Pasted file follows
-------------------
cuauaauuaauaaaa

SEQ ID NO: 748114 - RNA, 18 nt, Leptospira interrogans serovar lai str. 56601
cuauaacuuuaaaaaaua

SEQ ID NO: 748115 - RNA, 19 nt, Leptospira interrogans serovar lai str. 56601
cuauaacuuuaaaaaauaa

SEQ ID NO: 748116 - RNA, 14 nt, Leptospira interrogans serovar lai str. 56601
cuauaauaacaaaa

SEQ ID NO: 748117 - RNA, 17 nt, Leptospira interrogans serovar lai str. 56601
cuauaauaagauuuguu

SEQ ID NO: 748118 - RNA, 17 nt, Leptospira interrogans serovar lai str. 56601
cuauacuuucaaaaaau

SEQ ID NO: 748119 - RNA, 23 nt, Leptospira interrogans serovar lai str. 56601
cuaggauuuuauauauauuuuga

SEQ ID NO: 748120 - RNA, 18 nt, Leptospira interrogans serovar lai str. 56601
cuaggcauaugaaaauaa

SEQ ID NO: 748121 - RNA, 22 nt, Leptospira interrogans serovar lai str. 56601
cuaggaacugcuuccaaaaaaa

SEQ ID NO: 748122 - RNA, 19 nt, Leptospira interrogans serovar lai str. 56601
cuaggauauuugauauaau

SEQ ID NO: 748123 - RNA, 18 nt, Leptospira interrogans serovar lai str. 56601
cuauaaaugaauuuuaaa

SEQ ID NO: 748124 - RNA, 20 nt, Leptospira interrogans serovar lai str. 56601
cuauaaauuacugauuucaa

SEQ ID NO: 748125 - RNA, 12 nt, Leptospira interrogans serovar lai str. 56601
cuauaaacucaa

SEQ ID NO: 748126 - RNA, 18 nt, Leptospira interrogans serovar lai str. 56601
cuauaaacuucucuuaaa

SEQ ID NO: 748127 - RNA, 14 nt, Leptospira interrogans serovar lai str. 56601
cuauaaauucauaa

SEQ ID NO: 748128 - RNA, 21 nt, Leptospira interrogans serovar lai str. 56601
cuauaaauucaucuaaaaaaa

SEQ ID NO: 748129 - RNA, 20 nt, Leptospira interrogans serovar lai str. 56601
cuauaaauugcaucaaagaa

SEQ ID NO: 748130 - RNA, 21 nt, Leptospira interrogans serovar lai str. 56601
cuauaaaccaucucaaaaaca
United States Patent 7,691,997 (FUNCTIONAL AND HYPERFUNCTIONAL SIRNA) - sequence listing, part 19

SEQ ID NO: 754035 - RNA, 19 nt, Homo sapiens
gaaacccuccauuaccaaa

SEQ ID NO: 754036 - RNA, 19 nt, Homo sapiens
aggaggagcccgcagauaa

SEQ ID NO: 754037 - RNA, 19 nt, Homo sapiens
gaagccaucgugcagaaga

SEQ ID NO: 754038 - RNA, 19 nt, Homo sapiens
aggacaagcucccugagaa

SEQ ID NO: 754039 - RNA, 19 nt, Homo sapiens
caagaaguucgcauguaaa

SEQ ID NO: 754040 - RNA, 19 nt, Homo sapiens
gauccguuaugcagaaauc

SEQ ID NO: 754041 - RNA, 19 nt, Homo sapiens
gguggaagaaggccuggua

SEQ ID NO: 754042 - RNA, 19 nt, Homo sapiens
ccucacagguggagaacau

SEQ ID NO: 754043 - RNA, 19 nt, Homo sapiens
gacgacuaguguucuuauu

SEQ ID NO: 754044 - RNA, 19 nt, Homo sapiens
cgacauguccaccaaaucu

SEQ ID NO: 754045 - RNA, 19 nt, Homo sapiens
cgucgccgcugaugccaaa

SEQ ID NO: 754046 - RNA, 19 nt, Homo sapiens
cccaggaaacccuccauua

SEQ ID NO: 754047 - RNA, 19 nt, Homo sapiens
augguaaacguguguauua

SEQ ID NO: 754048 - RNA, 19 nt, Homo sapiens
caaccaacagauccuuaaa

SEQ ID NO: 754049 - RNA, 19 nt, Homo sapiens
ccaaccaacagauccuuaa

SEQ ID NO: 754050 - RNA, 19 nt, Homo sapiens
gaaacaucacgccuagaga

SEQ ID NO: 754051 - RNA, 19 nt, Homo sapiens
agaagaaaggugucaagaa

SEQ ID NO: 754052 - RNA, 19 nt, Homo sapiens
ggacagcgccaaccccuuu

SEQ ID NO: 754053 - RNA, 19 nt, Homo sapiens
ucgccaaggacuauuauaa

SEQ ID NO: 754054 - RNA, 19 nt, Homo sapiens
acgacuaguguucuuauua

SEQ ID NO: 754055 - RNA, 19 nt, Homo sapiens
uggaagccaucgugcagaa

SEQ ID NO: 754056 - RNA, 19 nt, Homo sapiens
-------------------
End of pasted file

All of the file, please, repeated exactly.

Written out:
cuauaauuaauaaaa

SEQ ID NO: 748114 - RNA, 18 nt, Leptospira interrogans serovar lai str. 56601
cuauaacuuuaaaaaaua

SEQ ID NO: 748115 - RNA, 19 nt, Leptospira interrogans serovar lai str. 56601
cuauaacuuuaaaaaauaa

SEQ ID NO: 748116 - RNA, 14 nt, Leptospira interrogans serovar lai str. 56601
cuauaauaacaaaa

SEQ ID NO: 748117 - RNA, 17 nt, Leptospira interrogans serovar lai str. 56601
cuauaauaagauuuguu

SEQ ID NO: 748118 - RNA, 17 nt, Leptospira interrogans serovar lai str. 56601
cuauacuuucaaaaaau

SEQ ID NO: 748119 - RNA, 23 nt, Leptospira interrogans serovar lai str. 56601
cuaggauuuuauauauauuuuga

SEQ ID NO: 748120 - RNA, 18 nt, Leptospira interrogans serovar lai str. 56601
cuaggcauaugaaaauaa

SEQ ID NO: 748121 - RNA, 22 nt, Leptospira interrogans serovar lai str. 56601
cuaggaacugcuuccaaaaaaa

SEQ ID NO: 748122 - RNA, 19 nt, Leptospira interrogans serovar lai str. 56601
cuaggauauuugauauaau

SEQ ID NO: 748123 - RNA, 18 nt, Leptospira interrogans serovar lai str. 56601
cuauaaaugaauuuuaaa

SEQ ID NO: 748124 - RNA, 20 nt, Leptospira interrogans serovar lai str. 56601
cuauaaauuacugauuucaa

SEQ ID NO: 748125 - RNA, 12 nt, Leptospira interrogans serovar lai str. 56601
cuauaaacucaa

SEQ ID NO: 748126 - RNA, 18 nt, Leptospira interrogans serovar lai str. 56601
cuauaaacuucucuuaaa

SEQ ID NO: 748127 - RNA, 14 nt, Leptospira interrogans serovar lai str. 56601
cuauaaauucauaa

SEQ ID NO: 748128 - RNA, 21 nt, Leptospira interrogans serovar lai str. 56601
cuauaaauucaucuaaaaaaa

SEQ ID NO: 748129 - RNA, 20 nt, Leptospira interrogans serovar lai str. 56601
cuauaaauugcaucaaagaa

SEQ ID NO: 748130 - RNA, 21 nt, Leptospira interrogans serovar lai str. 56601
cuauaaaccaucucaaaaaca
United States Patent 7,691,997 (FUNCTIONAL AND HYPERFUNCTIONAL SIRNA) - sequence listing, part 19

SEQ ID NO: 754035 - RNA, 19 nt, Homo sapiens
gaaacccuccauuaccaaa

SEQ ID NO: 754036 - RNA, 19 nt, Homo sapiens
aggaggagcccgcagauaa

SEQ ID NO: 754037 - RNA, 19 nt, Homo sapiens
gaagccaucgugcagaaga

SEQ ID NO: 754038 - RNA, 19 nt, Homo sapiens
aggacaagcucccugagaa

SEQ ID NO: 754039 - RNA, 19 nt, Homo sapiens
caagaaguucgcauguaaa

SEQ ID NO: 754040 - RNA, 19 nt, Homo sapiens
gauccguuaugcagaaauc

SEQ ID NO: 754041 - RNA, 19 nt, Homo sapiens
gguggaagaaggccuggua

SEQ ID NO: 754042 - RNA, 19 nt, Homo sapiens
ccucacagguggagaacau

SEQ ID NO: 754043 - RNA, 19 nt, Homo sapiens
gacgacuaguguucuuauu

SEQ ID NO: 754044 - RNA, 19 nt, Homo sapiens
cgacauguccaccaaaucu

SEQ ID NO: 754045 - RNA, 19 nt, Homo sapiens
cgucgccgcugaugccaaa

SEQ ID NO: 754046 - RNA, 19 nt, Homo sapiens
cccaggaaacccuccauua

SEQ ID NO: 754047 - RNA, 19 nt, Homo sapiens
augguaaacguguguauua

SEQ ID NO: 754048 - RNA, 19 nt, Homo sapiens
caaccaacagauccuuaaa

SEQ ID NO: 754049 - RNA, 19 nt, Homo sapiens
ccaaccaacagauccuuaa

SEQ ID NO: 754050 - RNA, 19 nt, Homo sapiens
gaaacaucacgccuagaga

SEQ ID NO: 754051 - RNA, 19 nt, Homo sapiens
agaagaaaggugucaagaa

SEQ ID NO: 754052 - RNA, 19 nt, Homo sapiens
ggacagcgccaaccccuuu

SEQ ID NO: 754053 - RNA, 19 nt, Homo sapiens
ucgccaaggacuauuauaa

SEQ ID NO: 754054 - RNA, 19 nt, Homo sapiens
acgacuaguguucuuauua

SEQ ID NO: 754055 - RNA, 19 nt, Homo sapiens
uggaagccaucgugcagaa

SEQ ID NO: 754056 - RNA, 19 nt, Homo sapiens